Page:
I know I’m not alone when I say that Star Trek: The Next Generation is one of my favorite shows of all time. I love the rich characterization, the expansive stories, the difficult questions — at least, when it comes to the men.
The women of the show, unfortunately, get the short end of the stick. People praise Gene Roddenberry’s forward thinking and describe him as a visionary, yet they often aren't aware of the fact that he was terribly sexist and misogynistic (and possibly worse). This story from Herb Wright, a co-producer during Next Gen’s first season, for example, is from the oral history of Star Trek, The Fifty-Year Mission (an incredible two-part story that I highly recommend, compiled and edited by Mark Altman and Edward Gross, who we interviewed below):
These disappointing aspects of Gene Roddenberry’s personality aren’t well known, even by a lot of the Trek fan base, but they explain a lot. Including why the women on Star Trek: The Next Generation, particularly during the first few seasons, weren’t exactly given a lot to do. (Yes, all our faves are problematic. It’s okay.)
Deanna Troi wasn’t even in multiple episodes of the first season, and Dr. Beverly Crusher disappears entirely in the second season, replaced by the (blah) Dr. Pulaski. Too often, Crusher is relegated to a “mom” role (important for sure, but her character was shoved into the background of her son Wesley’s stories instead of getting her own narratives), and Deanna is reduced to simply stating the obvious in tight, low-cut clothing (and let’s not even talk about that terrible episode where she’s impregnated against her will). But over the course of the series, as it grew and developed into a cultural phenomenon, The Next Generation explored Deanna and Beverly as people, and had some brilliant recurring cast members, too, such as Whoopi Goldberg, Michelle Forbes (best known for her role in Battlestar Galactica) and Denise Crosby.
As the series evolved, these women did get their time in the spotlight. During a recent rewatch of the show, I made note of four episodes that really highlighted the stunning actresses of Star Trek: The Next Generation. There aren’t many (and frankly, not nearly enough), but if you have a few hours, queue these up on Netflix and let the women of this lovely show shine.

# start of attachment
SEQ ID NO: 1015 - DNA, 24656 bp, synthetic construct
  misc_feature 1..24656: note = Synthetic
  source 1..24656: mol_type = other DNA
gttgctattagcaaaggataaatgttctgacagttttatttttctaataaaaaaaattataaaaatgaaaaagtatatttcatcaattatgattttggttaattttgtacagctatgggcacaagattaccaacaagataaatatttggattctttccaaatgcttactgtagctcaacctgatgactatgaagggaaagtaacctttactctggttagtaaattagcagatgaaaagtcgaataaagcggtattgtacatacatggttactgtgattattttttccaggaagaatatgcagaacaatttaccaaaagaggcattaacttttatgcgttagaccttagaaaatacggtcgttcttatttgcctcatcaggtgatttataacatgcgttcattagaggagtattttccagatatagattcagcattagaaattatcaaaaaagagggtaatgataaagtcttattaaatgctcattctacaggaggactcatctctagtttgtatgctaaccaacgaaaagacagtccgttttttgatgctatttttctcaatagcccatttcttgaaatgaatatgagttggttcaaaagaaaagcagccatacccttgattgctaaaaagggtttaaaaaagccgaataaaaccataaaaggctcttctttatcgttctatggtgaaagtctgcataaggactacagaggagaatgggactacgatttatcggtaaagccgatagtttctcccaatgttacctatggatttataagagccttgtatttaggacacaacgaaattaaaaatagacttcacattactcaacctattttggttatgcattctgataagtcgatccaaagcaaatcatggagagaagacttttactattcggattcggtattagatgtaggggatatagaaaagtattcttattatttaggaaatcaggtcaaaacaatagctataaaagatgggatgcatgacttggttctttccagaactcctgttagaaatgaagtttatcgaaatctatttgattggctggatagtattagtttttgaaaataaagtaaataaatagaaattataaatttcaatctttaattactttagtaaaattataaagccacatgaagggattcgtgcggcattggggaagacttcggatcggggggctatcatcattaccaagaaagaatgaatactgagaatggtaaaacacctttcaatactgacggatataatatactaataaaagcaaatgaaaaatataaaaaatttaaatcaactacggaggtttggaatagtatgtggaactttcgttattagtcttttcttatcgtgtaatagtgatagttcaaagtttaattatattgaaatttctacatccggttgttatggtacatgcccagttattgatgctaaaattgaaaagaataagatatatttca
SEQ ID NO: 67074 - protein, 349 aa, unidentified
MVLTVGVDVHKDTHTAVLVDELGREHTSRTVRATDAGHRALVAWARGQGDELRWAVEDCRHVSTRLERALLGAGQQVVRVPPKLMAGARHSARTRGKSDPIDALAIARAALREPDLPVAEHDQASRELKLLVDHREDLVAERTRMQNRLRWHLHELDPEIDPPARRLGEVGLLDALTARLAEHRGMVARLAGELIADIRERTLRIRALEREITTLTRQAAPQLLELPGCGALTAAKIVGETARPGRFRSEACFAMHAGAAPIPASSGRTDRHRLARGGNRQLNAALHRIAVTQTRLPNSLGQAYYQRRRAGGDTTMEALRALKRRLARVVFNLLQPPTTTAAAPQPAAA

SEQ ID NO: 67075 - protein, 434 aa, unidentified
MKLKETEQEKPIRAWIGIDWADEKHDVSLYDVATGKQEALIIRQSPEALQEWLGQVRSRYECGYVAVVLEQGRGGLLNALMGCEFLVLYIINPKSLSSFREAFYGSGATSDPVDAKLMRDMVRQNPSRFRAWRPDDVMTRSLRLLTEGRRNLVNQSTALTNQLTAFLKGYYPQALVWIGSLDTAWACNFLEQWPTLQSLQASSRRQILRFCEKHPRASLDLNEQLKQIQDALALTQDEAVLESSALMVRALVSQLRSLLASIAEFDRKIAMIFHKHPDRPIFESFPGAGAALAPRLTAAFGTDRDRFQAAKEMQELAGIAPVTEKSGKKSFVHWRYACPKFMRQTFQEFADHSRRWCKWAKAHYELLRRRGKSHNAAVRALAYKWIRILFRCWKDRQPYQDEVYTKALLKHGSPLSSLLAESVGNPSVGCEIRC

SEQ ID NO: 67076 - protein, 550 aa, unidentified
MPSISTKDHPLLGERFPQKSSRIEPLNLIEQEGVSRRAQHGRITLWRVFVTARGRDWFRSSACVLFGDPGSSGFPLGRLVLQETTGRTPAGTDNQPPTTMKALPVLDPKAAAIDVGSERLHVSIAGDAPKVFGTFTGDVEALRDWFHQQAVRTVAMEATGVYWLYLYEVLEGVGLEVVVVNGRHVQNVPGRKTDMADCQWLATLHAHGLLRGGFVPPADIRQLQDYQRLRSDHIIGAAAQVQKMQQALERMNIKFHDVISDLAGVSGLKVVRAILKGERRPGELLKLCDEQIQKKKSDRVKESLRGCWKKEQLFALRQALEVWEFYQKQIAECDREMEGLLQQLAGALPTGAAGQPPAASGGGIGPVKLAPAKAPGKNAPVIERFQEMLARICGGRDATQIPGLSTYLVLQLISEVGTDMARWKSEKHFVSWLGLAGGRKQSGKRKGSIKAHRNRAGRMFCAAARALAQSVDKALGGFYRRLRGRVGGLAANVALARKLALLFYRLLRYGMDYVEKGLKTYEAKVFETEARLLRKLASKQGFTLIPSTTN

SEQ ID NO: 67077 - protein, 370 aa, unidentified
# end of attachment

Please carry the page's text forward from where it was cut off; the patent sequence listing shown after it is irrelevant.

Remember Me (Season 4, Episode 5)
When Dr. Beverly Crusher’s former mentor visits the Enterprise, she’s excited to reconnect with her friend. But she’s surprised to find that he disappears soon after his arrival, and what’s more, no one on the Enterprise — not even Captain Picard — remembers that he was on board. It’s a moving depiction of a woman who begins to question her own sanity, but then realizes, “If there’s nothing wrong with me, maybe there’s something wrong with the universe.” Beverly singlehandedly figures out what’s going on and saves herself in this episode (with some help from Wesley, I guess). I only wish she had more opportunities like this in the series.
Face of the Enemy (Season 6, Episode 14)
Character: Deanna Troi
Deanna Troi wakes up in a dark room, unsure of where she is. She turns on the light and sees her appearance in a mirror and gasps — she’s been surgically altered to appear Romulan. This shocking hook turns into a layered story in which Troi has to convince a Romulan captain and crew that she is a member of the brutal secret police, the Tal Shiar, in order to protect a group of Romulan defectors. Sirtis’ performance here is top-notch, especially considering that we get to see a side of Deanna that we don’t normally see: hard and arrogant. She grapples with and adjusts to an unfamiliar, dangerous situation in such an elegant, Troi-like way. It's excellent.
Yesterday’s Enterprise (Season 3, Episode 15)
Characters: Guinan and Tasha Yar
It might seem strange to put this classic TNG episode on this list, but it’s brilliant for both Tasha Yar, who didn’t get enough time to shine in her short tenure on the series, and Guinan. When the Enterprise is pushed into an alternate reality, war with the Klingons isn’t going well. Tasha Yar is the chief of security of the Enterprise, but Guinan knows that something isn’t right — somehow, Tasha doesn't belong. Both women do an incredible job in this episode; viewers of the show know how much faith Picard has in Guinan, but to see it on screen is a thing of beauty.
Ensign Ro (Season 5, Episode 3)
Characters: Ro Laren and Guinan
Ensign Ro introduces the character of Ro Laren, a Bajoran who doesn’t fit in Starfleet, and Captain Picard is not happy to have her on board. She doesn’t do things by the book, and just wants to complete the mission — figuring out who was behind a Bajoran attack on a Federation colony — and get off the Enterprise. Not only did this episode sow the seeds for the premise of Deep Space Nine, but initially Forbes was offered the role as the Bajoran second-in-command of the show (so you'll see threads of Ro, and her potential, in Major Kira). She delivers an amazing, raw performance, and once again it’s Guinan who sees through the artifice. It’s not that Ro doesn’t care, it’s that she cares too much, and you believe it with this incredible performance.